Last week I shot an athletic portrait session for emerging fitness model Kristin Cavarzan.
In this article, I want to touch on the studio lighting setup that I like to use for athletic portraits, the benefit of using modeling lights, post production photo editing, the importance of unique photographs and where to find and hire models.
Studio Lighting for Athletic Portraits
One skill you should practice on a regular basis is the ability to deconstruct another photographer’s lighting. So before reading further, take a look at the photo below, and see if you can figure out what lighting was used.
If you’re new to the game, here are a few things to look for:
- How many lights were used? Look for highlights that indicate individual light sources. Catch lights in the eyes are especially helpful because you can often see a reflection of the actual lights used.
- Where were the lights positioned? Look for the direction that the light is hitting the subject from and the direction of the shadows that are cast.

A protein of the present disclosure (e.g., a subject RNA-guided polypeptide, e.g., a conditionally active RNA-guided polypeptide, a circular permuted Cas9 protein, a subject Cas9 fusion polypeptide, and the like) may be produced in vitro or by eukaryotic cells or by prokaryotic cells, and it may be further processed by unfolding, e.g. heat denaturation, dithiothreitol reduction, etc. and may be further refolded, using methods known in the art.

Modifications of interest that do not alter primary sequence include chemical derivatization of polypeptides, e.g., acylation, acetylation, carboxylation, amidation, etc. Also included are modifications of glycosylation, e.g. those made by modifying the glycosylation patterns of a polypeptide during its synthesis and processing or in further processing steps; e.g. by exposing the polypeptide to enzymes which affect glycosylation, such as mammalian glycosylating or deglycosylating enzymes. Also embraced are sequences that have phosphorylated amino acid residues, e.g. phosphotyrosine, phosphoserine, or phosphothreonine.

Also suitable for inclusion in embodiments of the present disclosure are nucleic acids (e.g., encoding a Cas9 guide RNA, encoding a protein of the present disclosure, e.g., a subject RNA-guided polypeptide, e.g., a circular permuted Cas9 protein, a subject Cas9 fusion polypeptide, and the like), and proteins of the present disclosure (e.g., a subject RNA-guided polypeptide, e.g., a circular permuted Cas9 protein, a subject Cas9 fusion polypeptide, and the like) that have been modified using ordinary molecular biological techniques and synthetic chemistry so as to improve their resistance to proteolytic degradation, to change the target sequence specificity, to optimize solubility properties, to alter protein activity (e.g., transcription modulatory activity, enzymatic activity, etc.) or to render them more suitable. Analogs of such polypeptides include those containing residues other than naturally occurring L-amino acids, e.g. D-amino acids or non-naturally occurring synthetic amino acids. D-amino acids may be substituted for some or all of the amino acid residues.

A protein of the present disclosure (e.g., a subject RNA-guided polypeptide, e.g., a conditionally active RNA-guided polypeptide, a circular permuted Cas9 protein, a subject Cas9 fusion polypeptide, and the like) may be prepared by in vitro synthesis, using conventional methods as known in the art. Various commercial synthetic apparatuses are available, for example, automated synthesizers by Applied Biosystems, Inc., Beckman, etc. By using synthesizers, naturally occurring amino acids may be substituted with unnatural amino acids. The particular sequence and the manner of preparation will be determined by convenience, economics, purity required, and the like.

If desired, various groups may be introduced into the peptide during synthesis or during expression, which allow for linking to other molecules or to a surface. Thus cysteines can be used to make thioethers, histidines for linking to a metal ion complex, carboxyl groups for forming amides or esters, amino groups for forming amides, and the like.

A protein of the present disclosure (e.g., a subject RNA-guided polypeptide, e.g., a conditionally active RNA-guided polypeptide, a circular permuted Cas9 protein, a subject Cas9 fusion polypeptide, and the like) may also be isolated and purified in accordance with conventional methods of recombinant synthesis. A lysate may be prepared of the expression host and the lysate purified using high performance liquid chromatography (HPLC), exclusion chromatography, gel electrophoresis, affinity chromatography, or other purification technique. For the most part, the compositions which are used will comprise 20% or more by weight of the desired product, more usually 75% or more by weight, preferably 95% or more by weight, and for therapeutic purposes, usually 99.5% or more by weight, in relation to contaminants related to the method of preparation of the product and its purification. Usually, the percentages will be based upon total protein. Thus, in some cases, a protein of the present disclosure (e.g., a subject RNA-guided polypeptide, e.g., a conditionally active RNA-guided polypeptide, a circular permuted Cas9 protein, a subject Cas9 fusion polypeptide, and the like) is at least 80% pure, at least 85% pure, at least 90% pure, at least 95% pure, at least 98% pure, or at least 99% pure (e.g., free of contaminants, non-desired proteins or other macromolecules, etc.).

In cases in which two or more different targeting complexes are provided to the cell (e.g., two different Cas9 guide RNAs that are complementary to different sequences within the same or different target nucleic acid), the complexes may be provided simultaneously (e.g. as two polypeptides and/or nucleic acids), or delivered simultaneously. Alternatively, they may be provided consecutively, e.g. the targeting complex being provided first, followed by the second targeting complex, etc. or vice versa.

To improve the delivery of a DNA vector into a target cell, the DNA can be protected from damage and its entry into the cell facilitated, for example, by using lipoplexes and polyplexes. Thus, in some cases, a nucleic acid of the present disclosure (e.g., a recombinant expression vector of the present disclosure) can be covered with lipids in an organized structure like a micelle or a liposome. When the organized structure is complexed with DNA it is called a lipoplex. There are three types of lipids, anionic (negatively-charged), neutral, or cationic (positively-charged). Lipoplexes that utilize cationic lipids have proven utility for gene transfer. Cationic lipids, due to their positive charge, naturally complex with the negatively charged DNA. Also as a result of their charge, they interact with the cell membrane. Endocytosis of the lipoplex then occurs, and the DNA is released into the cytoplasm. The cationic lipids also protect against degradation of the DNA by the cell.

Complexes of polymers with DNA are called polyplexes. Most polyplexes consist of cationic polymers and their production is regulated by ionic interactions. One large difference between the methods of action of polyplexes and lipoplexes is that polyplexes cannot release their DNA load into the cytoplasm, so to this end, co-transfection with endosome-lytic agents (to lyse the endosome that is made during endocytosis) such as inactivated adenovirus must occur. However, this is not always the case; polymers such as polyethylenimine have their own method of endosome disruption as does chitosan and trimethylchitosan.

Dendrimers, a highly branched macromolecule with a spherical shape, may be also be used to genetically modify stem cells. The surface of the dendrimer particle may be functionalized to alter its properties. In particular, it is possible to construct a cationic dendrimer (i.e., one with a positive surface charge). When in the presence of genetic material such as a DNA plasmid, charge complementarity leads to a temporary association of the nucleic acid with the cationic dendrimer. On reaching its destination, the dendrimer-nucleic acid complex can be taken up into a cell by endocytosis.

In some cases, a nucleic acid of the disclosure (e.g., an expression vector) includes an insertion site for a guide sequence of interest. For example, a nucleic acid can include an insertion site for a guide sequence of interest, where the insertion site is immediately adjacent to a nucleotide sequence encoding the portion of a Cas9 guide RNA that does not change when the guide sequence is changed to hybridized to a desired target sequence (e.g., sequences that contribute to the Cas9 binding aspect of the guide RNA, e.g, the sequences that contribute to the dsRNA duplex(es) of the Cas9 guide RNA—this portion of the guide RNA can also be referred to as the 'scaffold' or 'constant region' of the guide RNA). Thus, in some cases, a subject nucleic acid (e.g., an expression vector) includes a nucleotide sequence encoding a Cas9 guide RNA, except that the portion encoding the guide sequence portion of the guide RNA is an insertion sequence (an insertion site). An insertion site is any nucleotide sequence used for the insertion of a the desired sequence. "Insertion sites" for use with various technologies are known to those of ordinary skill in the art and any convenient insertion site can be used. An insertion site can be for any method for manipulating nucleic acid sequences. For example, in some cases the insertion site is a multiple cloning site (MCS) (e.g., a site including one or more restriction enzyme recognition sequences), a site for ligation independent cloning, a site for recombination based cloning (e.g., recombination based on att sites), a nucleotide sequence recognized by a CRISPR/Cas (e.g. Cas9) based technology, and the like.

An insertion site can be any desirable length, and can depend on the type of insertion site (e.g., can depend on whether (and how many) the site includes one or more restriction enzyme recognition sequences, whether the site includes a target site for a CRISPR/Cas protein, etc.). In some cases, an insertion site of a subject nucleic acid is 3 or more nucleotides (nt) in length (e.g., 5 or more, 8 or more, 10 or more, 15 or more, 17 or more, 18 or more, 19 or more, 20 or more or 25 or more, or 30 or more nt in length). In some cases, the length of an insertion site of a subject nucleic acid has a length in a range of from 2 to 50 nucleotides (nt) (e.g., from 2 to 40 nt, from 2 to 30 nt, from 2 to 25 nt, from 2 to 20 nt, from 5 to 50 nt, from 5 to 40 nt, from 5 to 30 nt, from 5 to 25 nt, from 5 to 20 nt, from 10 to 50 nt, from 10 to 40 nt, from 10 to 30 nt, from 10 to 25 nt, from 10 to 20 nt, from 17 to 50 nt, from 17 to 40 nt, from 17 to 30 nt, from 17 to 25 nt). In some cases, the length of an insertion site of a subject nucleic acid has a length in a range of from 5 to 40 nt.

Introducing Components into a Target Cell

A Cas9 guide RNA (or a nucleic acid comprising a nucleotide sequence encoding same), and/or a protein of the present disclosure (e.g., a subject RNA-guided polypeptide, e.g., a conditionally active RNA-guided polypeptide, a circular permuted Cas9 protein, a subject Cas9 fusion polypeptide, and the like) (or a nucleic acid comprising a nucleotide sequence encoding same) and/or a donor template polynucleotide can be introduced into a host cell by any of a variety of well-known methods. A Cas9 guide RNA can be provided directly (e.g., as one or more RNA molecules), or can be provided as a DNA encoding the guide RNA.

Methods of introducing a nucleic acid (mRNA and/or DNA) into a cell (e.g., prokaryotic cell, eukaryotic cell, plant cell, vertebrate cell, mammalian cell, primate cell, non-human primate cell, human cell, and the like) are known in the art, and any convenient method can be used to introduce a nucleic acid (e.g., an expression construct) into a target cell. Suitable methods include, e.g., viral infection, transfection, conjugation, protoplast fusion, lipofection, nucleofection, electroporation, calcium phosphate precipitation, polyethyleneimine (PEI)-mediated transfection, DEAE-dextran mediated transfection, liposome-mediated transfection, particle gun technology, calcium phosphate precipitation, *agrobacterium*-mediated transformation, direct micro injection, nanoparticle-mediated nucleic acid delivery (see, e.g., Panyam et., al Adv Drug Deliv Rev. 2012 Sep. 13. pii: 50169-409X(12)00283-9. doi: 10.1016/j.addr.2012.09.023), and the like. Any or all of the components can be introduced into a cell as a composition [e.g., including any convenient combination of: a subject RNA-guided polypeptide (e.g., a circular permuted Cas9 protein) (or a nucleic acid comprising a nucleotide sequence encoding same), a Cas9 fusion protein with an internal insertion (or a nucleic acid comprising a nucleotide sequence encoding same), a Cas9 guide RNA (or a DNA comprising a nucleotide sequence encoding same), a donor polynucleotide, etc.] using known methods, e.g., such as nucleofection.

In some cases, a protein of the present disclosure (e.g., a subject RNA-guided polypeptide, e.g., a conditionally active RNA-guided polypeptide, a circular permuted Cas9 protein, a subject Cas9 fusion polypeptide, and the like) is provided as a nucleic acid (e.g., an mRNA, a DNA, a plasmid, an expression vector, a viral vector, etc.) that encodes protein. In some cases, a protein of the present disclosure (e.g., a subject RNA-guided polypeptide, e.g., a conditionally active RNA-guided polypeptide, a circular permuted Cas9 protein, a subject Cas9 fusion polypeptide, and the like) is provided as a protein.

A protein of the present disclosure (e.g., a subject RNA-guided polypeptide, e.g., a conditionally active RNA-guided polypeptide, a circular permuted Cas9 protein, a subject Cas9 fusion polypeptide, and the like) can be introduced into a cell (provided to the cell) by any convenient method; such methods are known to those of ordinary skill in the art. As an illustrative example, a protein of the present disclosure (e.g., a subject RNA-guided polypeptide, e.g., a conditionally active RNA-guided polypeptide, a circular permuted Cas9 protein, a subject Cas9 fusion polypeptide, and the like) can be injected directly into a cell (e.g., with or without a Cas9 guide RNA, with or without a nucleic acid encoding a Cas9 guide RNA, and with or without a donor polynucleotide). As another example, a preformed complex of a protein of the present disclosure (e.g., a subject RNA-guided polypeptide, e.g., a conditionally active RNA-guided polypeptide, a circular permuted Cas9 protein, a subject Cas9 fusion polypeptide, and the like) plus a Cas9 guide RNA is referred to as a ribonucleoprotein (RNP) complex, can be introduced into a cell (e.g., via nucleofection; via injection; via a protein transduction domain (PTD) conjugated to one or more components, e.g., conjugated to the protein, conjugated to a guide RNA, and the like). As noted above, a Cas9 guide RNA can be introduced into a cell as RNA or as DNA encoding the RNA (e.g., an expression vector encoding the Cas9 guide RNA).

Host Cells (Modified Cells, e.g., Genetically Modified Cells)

- What light modifiers were used? Look at the definition around the edges of the shadows. Are the edges of the shadows soft and fuzzy or hard and defined? Is the light directional?
- What other lights might be involved in the lighting setup? Look at the dynamic range of the deep shadow areas. Is a fill light or reflector being used to add some light to those areas? Look at the background. Are dedicated background lights being used? Or conversely, are flags being used to keep light off of the background?
Before I give you the recipe, I’ll give you a hint. It is a pretty straight forward four light setup.
Got it figured out?
OK – here are the answers.
I used four studio strobes. There is a large softbox to the right side of the model, a strip light to the left that is slightly behind the model, an overhead hair light in a small softbox just behind the model, and a fill light in a small softbox in front of the model, in line with, but slightly above the camera.
With the exception of the fill light, the power of all the lights are set to be relatively equal by using a light meter.
Chimping the back of the camera is not the equivalent of using a light meter for studio portraits – you really do need a light meter to do it properly.
The fill light is set about two stops under the key lights to add a little bit of detail to what would otherwise be a deep shadow area on her face.